- Focus areas of our work
- How we work
- Countries we work in
- Examples and results
- The organisation
ActionAid Denmark supports equality between women and men – whether it be social, cultural, political, legal or economic. We support work at the grassroots level, information, campaigning and political advocacy.
When women lack influence
In 2004, Chongwe District Farmers Association in Zambia had a Board where nine out of ten members were men, and where the lion’s share of activities was targeted at the men’s needs, even though half the rank-and-file members were women. However, after a workshop for all MS’s partner organisations, the association began to revise its statutes, hiring – with support form MS – a gender consultant, who trained them to see the gender perspectives in their association’s work and in their own everyday lives. Today, half the Board members are women, and half the association’s activities target the needs of its female members.
Zimbabwe: law prohibiting domestic violence
In October 2007, a law was passed in Zimbabwe prohibiting domestic violence. This was the result of a passionate effort on the part of Women's Coalition of Zimbabwe, a partner of MS Zimbabwe, against the bleak background that one in every four women in Zimbabwe suffers some form of abuse in her lifetime. Before the law was enacted, there were no legal resort to intervene against the assaulter, and culturally many women had no tradition of reporting such violence.
In Chongwe, change came about because both men and women were involved in the process, and because it was taken into account that the men would find it hard to accept equal representation overnight. One activity of the gender consultant was to divide men and women into groups, getting them to draw up a list of what they did from morning until night. It turned out that the women did much more than the men and this made the men acknowledge the women’s work, recognising that female farmers would also have to sit around the table when crucial decisions were to be made, and had to benefit from the association’s activities on an equal footing with the male farmers.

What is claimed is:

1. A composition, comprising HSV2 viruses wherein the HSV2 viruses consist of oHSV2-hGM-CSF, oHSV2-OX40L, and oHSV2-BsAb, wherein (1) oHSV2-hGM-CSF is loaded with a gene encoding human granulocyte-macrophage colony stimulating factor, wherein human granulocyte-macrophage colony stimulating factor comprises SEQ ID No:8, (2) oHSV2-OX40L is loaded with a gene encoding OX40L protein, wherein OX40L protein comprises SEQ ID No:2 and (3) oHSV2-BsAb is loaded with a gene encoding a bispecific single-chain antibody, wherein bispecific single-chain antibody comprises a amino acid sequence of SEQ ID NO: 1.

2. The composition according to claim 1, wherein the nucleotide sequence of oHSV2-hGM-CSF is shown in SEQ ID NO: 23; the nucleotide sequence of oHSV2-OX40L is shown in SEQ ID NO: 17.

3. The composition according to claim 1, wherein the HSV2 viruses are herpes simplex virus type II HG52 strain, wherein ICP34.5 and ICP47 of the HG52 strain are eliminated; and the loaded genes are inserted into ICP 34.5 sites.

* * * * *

Poor women the most vulnerable
All over the globe, women face inequality both at home and at various levels of society. This diminishes their chances of enjoying fundamental rights, access to resources, and participation in politics and the economy.
The inequality between men and women is also reflected in legislation. In several of MS’s countries of cooperation, women are not allowed to own or inherit land. In some countries, there is no law to prohibit violence against women, so men are not punished for battering their wives. And almost everywhere, there is a long way to go before women become more equally represented, whether it is in organisations, political bodies or parliaments. Women are often exposed to threats and harassment from the community if they run for office in local elections or otherwise become engaged in local politics.
These inequities constitute a barrier to development, which keeps women in poverty to a greater degree than men, and which impinges directly on the welfare of both women and their families. Consequently, a change in the skewed power relations is a precondition for democratic development of society, and for fighting poverty and injustice.
In many societies, men and women perform different roles, and hence tend to be poor for different reasons. In recognition of these dissimilarities, we focus particularly on improving the lot of poor and marginalised women by strengthening their participation in local democracy, and securing them greater influence over their own lives.
How MS works with gender and equality
MS pursues equality between the sexes in various ways and at different levels:
• We assist our partner organisations at the grassroots level in incorporating the gender aspect into their work, as in the case of the farmers’ organisation in Zambia.
• We support organisations that work to strengthen women’s participation in local politics.
• We help larger national organisations to conduct public campaigns for equality through the press and other media.
• We support lobbying and advocacy, for example to change legislation on violence against women, to secure women’s right to land, and to draw the politicians’ attention to their responsibilities towards women.
How MS understands gender equality
Women and men have fundamentally equal rights both to participate in and to gain from economic, social, cultural and political development. This entails:
• Equal opportunities for women and men to participate in and influence political and economic decision-making.
• Equal political, civil, economic and social rights for women and men.
• Equal emphasis on women’s and men’s needs and wishes.
• Equal right and access to resources, such as income, land and other property.
MS has adopted principles for a gender policy including:
• That addressing structural gender inequality is a political project, which requires an active effort at the household, the community and the societal levels in order to succeed.
• That it is important and necessary to engage men in promoting gender equality.
• That it is necessary to address the fundamental causes of gender inequality.
Learn morePolicy on Gender Equality (pdf)